PARK CITY, Utah — For the last two decades, the road to the Big Sky Conference football championship has run parallel trough I-90.
Until Southern Utah’s Big Sky title last fall, a combination of Montana, Montana State and Eastern Washington won at least a share of every Big Sky Conference since 1995. Montana distanced itself from the rest of the league with a streak of 15 Big Sky titles that included winning at least a share of the league every season for 12 straight. Between 1995 and 2009, the Grizzlies advanced to seven FCS national title games, claiming national titles in 1995 and 2001.
This decade, it has been the Eagles and the Bobcats that have dominated the landscape. MSU won three straight Big Sky crowns for the first time in school history between 2010 and 2012. Eastern Washington has claimed at least a share of four of the last six BSC crowns and owns the league’s last national championship. EWU shared the 2010 league title with Montana State before ripping off an impressive run to the national title six years ago.
The fervent fan bases, the superior stadiums, the ability to capitalize on the talent provided by each school’s recruiting territory; all can be pointed to as factors of the rise of the three schools. But what would the Big Sky look like if not for the departure of three powerful members two decades?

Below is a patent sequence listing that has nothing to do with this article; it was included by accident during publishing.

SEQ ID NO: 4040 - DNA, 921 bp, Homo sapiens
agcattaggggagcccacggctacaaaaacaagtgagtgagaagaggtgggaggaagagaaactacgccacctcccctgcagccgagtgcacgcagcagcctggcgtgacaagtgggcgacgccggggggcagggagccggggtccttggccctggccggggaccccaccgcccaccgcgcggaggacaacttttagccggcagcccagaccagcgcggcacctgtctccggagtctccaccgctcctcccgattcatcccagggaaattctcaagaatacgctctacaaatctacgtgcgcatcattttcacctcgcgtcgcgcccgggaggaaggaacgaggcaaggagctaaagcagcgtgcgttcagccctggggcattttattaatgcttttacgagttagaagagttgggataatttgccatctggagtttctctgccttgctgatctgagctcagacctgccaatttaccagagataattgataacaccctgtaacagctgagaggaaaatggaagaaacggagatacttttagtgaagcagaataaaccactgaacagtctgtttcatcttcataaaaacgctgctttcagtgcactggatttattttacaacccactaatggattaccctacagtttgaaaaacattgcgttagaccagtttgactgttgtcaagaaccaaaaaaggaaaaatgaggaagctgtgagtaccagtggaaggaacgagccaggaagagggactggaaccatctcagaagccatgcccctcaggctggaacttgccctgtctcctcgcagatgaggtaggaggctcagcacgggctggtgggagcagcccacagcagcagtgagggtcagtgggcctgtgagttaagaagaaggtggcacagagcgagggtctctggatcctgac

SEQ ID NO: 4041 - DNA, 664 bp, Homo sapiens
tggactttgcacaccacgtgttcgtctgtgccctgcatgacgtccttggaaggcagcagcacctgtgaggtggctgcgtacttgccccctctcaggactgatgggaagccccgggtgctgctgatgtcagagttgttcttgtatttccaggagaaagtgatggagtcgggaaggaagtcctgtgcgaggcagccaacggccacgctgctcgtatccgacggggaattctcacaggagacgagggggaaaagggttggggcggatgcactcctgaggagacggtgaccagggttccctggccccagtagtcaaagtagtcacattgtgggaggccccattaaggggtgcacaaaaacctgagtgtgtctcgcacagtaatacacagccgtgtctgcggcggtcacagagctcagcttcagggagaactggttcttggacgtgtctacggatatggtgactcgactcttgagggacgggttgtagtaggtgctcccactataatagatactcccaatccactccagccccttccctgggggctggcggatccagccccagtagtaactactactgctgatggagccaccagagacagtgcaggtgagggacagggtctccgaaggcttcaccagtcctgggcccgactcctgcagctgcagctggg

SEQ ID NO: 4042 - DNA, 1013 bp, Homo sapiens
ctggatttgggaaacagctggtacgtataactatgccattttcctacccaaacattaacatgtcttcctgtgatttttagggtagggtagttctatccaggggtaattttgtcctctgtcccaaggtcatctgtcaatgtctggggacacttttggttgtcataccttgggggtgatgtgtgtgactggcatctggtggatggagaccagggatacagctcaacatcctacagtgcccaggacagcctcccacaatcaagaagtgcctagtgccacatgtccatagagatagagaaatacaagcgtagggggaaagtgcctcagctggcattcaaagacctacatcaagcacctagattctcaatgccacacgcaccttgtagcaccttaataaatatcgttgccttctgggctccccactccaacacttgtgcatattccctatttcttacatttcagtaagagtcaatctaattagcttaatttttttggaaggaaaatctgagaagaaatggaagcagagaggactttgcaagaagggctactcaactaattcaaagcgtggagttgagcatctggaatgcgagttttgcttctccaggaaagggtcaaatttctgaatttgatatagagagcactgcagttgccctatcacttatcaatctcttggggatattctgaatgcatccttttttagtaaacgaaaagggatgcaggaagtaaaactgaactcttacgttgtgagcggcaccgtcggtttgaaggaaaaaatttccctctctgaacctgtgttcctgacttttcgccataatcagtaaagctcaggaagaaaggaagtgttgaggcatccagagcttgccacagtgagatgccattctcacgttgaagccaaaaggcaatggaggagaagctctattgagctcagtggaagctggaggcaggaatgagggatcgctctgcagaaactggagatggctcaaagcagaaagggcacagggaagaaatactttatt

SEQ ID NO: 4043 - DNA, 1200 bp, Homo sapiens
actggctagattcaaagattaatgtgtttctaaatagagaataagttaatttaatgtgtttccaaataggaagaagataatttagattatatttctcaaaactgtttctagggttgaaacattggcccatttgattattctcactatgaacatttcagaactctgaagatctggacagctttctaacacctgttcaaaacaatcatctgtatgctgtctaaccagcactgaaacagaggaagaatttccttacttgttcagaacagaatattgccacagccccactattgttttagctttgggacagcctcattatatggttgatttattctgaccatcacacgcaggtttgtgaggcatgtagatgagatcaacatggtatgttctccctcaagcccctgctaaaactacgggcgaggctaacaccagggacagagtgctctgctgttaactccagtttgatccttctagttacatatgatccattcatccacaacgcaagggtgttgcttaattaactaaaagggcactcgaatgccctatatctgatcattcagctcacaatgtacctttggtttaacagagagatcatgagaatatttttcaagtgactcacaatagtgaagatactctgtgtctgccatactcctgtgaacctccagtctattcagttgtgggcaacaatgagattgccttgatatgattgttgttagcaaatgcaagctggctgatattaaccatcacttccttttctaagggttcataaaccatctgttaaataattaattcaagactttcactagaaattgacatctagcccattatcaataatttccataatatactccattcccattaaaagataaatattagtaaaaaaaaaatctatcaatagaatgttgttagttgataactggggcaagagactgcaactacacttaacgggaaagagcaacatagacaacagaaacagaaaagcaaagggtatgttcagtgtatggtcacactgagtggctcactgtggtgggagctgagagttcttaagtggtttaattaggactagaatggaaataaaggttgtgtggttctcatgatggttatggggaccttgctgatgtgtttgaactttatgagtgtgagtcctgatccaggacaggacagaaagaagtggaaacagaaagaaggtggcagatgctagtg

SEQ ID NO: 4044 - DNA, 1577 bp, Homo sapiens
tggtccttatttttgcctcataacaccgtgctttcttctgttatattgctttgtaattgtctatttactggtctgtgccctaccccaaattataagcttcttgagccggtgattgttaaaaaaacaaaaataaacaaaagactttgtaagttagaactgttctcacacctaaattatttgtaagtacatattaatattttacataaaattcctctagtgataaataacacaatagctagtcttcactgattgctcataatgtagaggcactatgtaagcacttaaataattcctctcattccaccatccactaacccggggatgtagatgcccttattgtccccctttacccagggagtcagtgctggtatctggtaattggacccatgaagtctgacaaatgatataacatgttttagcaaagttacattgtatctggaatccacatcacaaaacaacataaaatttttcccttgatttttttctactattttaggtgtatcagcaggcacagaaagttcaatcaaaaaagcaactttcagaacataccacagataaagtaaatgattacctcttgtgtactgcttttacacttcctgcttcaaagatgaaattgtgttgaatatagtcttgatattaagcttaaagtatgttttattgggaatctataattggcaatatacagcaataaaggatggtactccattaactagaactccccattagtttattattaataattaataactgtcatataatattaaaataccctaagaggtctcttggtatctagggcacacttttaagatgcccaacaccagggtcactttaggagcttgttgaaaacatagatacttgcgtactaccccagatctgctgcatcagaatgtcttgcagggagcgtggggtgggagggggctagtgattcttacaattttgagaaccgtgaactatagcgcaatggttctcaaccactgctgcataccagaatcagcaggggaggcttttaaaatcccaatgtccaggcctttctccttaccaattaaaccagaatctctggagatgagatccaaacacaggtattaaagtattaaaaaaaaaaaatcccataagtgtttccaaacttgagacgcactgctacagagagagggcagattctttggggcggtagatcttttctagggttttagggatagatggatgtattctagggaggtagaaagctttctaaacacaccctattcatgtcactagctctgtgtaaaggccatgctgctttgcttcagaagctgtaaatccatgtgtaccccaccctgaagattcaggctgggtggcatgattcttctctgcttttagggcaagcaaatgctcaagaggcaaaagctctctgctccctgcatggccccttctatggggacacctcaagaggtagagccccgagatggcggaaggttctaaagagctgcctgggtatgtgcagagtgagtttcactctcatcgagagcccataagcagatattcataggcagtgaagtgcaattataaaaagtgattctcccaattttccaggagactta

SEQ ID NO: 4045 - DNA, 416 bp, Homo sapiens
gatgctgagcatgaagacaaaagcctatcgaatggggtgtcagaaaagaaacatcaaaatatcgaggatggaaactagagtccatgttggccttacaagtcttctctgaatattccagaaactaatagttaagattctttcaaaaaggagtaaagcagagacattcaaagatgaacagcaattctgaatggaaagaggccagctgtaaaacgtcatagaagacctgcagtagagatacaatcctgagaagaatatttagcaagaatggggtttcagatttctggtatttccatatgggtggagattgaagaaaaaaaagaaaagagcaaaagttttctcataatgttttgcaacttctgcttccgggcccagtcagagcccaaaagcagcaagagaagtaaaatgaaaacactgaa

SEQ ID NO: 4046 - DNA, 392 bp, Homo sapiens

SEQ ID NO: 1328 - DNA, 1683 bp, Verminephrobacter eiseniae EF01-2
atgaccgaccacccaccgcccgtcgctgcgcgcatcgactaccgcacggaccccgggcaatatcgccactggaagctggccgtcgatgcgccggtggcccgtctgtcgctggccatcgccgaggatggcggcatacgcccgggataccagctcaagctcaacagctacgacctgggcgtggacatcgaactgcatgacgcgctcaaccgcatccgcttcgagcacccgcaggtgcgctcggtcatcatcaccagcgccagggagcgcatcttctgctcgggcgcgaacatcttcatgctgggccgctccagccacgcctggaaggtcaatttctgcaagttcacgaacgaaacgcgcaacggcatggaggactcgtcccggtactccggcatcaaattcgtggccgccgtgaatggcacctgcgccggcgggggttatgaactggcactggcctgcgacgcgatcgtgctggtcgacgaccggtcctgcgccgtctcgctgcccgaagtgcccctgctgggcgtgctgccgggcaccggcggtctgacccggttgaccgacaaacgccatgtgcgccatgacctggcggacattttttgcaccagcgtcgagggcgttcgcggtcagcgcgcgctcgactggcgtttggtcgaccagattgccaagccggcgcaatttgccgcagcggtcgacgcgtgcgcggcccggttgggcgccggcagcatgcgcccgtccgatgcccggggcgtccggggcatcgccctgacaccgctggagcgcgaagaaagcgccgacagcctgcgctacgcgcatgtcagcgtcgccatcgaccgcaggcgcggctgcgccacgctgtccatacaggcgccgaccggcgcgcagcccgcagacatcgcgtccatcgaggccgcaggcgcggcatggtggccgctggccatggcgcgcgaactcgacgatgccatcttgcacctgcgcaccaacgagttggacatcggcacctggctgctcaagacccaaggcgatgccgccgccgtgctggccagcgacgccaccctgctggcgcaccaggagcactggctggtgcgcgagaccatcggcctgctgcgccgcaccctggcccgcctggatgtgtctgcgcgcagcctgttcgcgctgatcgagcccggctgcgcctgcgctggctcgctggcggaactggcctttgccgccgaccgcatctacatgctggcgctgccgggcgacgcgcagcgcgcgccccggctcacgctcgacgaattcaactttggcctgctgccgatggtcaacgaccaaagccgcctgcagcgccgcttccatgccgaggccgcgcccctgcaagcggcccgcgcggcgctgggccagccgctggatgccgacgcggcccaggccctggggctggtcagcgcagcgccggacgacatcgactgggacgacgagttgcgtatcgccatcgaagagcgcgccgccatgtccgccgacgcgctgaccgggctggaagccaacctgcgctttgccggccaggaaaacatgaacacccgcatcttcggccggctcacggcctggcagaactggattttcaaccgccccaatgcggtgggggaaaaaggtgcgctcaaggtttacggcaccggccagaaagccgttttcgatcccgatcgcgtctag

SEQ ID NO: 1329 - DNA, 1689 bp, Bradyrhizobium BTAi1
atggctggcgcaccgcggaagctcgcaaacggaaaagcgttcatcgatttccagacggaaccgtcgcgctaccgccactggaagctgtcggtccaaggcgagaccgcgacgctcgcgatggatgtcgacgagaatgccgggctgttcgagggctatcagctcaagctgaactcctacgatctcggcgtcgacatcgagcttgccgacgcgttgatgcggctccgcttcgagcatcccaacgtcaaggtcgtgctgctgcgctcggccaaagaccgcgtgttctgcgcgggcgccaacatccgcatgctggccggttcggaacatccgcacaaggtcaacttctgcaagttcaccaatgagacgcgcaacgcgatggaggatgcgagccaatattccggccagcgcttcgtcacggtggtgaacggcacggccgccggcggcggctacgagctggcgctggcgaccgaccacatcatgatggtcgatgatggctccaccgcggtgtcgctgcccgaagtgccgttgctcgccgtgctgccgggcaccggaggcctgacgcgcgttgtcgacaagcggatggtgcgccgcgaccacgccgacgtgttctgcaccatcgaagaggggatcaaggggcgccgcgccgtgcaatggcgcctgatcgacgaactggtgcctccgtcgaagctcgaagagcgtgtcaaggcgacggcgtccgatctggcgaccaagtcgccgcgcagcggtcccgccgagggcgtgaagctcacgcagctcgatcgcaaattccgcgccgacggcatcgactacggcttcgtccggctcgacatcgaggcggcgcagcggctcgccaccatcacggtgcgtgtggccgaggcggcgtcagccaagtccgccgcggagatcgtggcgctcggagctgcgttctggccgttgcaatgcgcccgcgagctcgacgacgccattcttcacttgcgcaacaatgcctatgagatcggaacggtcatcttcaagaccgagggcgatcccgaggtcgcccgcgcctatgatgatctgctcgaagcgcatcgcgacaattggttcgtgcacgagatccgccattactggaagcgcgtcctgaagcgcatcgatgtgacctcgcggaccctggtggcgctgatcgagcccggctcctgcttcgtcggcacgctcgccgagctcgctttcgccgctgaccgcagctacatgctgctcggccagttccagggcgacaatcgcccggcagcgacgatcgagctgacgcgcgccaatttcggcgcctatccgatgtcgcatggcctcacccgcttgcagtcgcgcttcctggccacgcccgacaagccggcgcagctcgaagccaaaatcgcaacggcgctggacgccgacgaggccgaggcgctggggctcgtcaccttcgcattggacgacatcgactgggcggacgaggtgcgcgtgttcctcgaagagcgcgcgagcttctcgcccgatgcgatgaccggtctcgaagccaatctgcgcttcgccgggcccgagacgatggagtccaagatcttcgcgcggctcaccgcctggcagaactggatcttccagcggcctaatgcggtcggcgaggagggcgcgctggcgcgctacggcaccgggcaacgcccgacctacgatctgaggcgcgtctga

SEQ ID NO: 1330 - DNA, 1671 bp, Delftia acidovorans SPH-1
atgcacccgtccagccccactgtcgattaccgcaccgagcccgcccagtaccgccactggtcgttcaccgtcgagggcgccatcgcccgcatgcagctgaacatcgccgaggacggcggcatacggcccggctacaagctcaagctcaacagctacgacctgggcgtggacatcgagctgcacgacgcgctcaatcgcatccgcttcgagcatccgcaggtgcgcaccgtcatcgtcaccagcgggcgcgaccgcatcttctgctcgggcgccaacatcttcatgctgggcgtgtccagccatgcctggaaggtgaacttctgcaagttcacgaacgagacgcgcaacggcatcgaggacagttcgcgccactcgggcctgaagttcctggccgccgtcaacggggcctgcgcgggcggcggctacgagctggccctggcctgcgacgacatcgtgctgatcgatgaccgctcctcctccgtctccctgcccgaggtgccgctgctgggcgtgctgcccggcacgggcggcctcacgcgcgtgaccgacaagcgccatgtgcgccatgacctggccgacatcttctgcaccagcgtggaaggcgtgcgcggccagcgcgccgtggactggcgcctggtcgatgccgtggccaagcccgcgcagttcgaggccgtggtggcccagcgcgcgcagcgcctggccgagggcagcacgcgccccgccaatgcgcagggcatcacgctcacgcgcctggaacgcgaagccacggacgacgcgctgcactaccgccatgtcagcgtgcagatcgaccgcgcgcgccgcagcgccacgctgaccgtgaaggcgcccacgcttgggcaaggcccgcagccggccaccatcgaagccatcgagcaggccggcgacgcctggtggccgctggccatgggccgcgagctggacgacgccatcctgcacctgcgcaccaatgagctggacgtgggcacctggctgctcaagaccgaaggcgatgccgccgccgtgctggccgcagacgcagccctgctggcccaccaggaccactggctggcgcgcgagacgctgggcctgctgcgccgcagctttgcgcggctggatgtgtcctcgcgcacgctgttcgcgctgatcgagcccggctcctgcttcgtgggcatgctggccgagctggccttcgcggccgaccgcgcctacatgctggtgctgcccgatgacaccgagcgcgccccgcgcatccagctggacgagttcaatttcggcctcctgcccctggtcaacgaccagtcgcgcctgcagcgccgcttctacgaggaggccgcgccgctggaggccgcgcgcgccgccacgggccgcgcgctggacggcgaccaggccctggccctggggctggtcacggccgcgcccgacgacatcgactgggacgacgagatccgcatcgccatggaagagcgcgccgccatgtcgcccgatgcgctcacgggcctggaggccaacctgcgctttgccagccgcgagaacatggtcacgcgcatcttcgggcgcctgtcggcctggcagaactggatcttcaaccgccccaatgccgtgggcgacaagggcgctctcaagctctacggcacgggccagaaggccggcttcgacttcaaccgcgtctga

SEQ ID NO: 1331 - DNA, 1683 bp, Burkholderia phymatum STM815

In 1992, Nevada began the exodus from the Big Sky. The Wolfpack played for the I-AA national title in 1990 and qualified for the national semifinals two other times before making the jump. The departure sparked the idea in the Emerald State as well, with both Boise State and Idaho making the jump to the I-A ranks following the 1995 season.
Boise State claimed the I-AA national championship in 1980 for the Big Sky’s first football national title in the Division I era in the third season of the subdivision. Idaho State would follow with its lone national title the next season and Montana State would claim its only national title of the Division I era in 1984. But it was Idaho, under the direction of head coach Dennis Erickson followed by Keith Gilbertson, who established themselves as the most consistently dominant program in the Big Sky in the 1980s and early 1990s.
“I played when they were in (the Big Sky) and they were the power, not Montana or any of these other guys,” said Portland State head coach Bruce Barnum, a linebacker at Eastern Washington in the late 1980s.
Idaho owns eight Big Sky banners overall, third in league history behind the Montana schools despite not playing in the league for 20 seasons. Behind the star play of conference legends like quarterbacks Doug Nussmeier and John Friez, the Vandals claimed Big Sky titles in 1985, 1987, 1988, 1989 and 1992 while advancing to the playoffs 11 times, including two I-AA semifinal appearances.
“Being from North Idaho, it was a big afternoon when you got to go see the Kamiah kid (former quarterback Ken Hobart) go sling it around the dome or watch a Montana State alum (Dennis Erickson) coach the Vandals,” said Montana State first-year head coach Jeff Choate, a native of Saint Maries who coached high school football in Chalis, Twin Falls and Post Falls before jumping into the college ranks. “Back in those days, the Kibbie Dome was packed every afternoon. It didn’t matter if they were playing Montana State or Montana or Eastern Washington or Boise State or Nevada. I remember seeing some unbelievably competitive, awesome games. Those are some of my earlier memories understanding that’s what college football is.”
In 2018, the Vandals will make their much-anticipated return to the Big Sky after a generation of trying to find their footing in the FBS.